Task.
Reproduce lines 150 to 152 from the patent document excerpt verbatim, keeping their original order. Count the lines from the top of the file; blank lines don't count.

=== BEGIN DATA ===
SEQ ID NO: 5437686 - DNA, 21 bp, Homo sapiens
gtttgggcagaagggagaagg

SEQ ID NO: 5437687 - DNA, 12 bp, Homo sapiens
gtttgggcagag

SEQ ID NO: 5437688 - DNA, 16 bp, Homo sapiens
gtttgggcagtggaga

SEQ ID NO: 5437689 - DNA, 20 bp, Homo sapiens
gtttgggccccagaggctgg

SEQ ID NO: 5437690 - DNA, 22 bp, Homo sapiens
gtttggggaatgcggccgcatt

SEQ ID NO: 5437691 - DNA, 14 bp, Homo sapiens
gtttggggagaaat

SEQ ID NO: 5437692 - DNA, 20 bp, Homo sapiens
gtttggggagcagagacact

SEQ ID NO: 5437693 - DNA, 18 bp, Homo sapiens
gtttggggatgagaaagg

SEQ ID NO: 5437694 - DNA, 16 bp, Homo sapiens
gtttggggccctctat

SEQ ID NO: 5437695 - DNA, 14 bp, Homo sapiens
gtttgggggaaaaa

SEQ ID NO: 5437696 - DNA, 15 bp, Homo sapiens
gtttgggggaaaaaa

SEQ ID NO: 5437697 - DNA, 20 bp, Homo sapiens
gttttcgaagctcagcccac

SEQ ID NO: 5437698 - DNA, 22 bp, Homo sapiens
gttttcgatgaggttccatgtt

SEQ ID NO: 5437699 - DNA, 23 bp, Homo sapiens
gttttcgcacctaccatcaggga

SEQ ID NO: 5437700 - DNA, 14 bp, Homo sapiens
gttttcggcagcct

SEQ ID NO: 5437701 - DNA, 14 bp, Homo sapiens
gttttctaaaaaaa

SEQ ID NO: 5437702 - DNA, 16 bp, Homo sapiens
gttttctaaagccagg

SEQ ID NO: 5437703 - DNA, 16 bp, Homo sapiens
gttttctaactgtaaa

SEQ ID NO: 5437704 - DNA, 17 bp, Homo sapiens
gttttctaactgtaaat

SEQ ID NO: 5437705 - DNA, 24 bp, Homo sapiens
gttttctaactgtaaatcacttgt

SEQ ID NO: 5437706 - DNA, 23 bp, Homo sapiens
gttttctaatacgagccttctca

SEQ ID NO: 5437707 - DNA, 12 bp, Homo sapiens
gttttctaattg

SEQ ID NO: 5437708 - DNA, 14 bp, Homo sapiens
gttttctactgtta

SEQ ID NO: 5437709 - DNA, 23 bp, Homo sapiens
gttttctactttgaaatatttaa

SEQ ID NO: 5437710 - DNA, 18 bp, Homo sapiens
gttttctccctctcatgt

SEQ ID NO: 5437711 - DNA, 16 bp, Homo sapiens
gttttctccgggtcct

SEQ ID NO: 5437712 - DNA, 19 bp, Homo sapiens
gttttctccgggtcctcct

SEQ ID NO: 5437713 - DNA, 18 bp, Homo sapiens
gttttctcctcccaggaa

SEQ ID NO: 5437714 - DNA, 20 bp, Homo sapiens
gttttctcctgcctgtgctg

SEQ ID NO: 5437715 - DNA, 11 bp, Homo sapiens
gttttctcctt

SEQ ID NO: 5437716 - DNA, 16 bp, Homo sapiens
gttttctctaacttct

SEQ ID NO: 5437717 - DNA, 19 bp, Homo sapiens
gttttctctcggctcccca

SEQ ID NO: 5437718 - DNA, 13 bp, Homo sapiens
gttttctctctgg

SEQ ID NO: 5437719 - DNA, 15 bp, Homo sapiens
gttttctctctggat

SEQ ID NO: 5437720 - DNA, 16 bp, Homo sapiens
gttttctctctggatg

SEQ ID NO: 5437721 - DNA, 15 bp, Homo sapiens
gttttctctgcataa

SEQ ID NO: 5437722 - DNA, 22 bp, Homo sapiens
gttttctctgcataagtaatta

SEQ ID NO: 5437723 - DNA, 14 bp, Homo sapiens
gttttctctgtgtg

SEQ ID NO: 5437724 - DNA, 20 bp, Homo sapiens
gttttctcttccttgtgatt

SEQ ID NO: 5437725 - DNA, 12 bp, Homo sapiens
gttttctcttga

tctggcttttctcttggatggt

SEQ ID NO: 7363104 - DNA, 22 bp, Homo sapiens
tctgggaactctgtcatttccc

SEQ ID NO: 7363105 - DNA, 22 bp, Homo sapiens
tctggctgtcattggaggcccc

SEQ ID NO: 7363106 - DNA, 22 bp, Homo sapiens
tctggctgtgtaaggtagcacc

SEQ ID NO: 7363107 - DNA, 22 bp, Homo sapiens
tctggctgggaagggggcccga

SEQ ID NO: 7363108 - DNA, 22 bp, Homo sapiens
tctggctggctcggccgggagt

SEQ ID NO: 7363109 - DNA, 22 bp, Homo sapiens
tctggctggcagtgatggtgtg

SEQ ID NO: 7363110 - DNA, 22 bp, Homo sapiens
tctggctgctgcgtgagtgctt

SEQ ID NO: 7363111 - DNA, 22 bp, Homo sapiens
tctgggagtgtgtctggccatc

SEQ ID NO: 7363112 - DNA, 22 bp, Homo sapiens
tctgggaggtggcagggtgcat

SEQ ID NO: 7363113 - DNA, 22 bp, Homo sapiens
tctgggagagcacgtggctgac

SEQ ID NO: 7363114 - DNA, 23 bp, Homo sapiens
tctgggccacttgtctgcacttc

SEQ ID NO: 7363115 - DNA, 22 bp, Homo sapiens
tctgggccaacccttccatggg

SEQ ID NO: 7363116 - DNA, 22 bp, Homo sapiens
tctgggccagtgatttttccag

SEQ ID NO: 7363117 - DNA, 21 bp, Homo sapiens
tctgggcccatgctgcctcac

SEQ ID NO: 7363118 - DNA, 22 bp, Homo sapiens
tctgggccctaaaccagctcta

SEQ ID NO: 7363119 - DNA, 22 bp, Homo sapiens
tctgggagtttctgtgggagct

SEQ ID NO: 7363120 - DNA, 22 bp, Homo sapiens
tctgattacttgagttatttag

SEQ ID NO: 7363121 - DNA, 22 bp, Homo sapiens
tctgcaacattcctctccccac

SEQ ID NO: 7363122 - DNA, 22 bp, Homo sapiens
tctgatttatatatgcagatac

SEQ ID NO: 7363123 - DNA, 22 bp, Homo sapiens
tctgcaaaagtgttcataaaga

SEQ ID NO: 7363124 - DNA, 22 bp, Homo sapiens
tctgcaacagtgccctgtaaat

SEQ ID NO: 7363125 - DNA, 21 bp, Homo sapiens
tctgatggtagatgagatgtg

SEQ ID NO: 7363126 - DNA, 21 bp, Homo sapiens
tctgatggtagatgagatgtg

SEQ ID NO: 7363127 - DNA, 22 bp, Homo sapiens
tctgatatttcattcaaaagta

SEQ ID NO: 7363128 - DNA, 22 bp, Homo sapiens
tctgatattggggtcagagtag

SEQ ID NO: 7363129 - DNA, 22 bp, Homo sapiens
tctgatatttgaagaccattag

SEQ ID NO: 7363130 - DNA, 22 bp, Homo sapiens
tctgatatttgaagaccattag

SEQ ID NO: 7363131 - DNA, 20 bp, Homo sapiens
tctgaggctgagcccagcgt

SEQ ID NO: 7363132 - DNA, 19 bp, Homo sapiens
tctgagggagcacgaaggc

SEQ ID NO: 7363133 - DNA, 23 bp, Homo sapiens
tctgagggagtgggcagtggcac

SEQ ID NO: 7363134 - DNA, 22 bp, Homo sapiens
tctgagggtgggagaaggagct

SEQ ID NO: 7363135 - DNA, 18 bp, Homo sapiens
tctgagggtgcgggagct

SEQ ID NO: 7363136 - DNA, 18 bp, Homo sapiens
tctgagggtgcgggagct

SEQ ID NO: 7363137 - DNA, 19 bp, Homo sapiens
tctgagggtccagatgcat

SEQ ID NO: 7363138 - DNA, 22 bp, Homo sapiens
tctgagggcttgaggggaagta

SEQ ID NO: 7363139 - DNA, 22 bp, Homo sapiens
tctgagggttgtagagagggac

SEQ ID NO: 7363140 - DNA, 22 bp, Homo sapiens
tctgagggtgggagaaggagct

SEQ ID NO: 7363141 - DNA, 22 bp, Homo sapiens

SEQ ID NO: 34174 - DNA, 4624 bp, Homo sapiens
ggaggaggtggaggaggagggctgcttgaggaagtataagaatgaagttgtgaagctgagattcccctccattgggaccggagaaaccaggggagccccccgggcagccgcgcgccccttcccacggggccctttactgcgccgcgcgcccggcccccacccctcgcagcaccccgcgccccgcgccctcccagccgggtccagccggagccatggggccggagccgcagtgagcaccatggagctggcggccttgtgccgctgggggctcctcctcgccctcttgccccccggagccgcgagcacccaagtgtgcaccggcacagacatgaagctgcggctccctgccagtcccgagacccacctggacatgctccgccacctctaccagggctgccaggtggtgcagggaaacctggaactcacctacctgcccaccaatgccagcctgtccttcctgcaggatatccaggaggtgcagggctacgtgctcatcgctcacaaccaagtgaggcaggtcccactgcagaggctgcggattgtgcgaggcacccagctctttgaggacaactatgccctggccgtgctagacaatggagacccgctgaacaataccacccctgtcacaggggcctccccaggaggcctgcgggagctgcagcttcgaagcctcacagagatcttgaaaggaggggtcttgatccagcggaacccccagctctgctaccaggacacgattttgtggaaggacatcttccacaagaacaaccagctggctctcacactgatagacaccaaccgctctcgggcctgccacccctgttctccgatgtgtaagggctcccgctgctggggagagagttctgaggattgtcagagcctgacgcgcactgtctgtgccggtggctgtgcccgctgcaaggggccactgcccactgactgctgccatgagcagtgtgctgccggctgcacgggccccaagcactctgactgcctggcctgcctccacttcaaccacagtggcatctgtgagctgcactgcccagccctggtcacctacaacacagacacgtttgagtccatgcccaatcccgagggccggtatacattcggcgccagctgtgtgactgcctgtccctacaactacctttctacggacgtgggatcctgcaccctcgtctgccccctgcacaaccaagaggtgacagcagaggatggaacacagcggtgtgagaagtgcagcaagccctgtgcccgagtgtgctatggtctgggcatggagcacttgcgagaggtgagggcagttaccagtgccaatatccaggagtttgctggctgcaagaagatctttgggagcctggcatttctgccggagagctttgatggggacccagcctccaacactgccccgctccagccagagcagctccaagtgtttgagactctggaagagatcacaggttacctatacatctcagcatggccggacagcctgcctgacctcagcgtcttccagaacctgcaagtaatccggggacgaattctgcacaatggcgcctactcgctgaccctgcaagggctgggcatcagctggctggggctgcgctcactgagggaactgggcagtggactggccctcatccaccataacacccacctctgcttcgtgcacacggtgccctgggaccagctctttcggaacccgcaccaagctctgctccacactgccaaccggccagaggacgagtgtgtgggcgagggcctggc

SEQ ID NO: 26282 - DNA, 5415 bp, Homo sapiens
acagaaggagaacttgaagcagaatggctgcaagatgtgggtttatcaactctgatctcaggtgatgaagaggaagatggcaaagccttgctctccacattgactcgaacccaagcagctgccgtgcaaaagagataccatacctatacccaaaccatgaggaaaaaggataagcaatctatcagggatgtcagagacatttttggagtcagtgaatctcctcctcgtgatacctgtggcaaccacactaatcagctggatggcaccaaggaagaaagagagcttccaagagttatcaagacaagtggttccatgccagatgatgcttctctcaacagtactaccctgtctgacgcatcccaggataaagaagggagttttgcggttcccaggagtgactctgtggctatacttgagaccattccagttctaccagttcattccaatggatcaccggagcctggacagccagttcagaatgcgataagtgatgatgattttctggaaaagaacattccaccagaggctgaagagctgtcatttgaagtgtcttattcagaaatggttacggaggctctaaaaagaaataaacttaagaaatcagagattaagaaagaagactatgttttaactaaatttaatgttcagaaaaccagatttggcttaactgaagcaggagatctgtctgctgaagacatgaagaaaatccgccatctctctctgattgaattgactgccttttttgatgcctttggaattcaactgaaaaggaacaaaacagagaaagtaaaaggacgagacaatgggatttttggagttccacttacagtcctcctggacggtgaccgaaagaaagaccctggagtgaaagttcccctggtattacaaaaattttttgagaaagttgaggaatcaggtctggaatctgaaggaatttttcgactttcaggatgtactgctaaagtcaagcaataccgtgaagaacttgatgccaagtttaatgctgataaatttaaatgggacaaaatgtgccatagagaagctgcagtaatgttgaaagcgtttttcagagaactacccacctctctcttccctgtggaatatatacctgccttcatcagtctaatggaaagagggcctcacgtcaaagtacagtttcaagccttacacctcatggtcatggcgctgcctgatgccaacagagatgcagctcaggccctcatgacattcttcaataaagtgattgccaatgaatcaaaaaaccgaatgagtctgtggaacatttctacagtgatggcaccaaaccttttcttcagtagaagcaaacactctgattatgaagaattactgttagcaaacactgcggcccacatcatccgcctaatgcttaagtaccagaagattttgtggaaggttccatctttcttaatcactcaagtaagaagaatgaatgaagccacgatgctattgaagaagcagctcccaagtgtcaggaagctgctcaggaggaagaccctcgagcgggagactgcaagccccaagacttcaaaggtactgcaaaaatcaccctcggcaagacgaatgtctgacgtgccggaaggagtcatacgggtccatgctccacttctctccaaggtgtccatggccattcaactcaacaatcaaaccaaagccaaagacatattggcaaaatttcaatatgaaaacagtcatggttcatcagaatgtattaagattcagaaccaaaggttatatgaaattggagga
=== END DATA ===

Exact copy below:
SEQ ID NO: 7363138 - DNA, 22 bp, Homo sapiens
tctgagggcttgaggggaagta

SEQ ID NO: 7363139 - DNA, 22 bp, Homo sapiens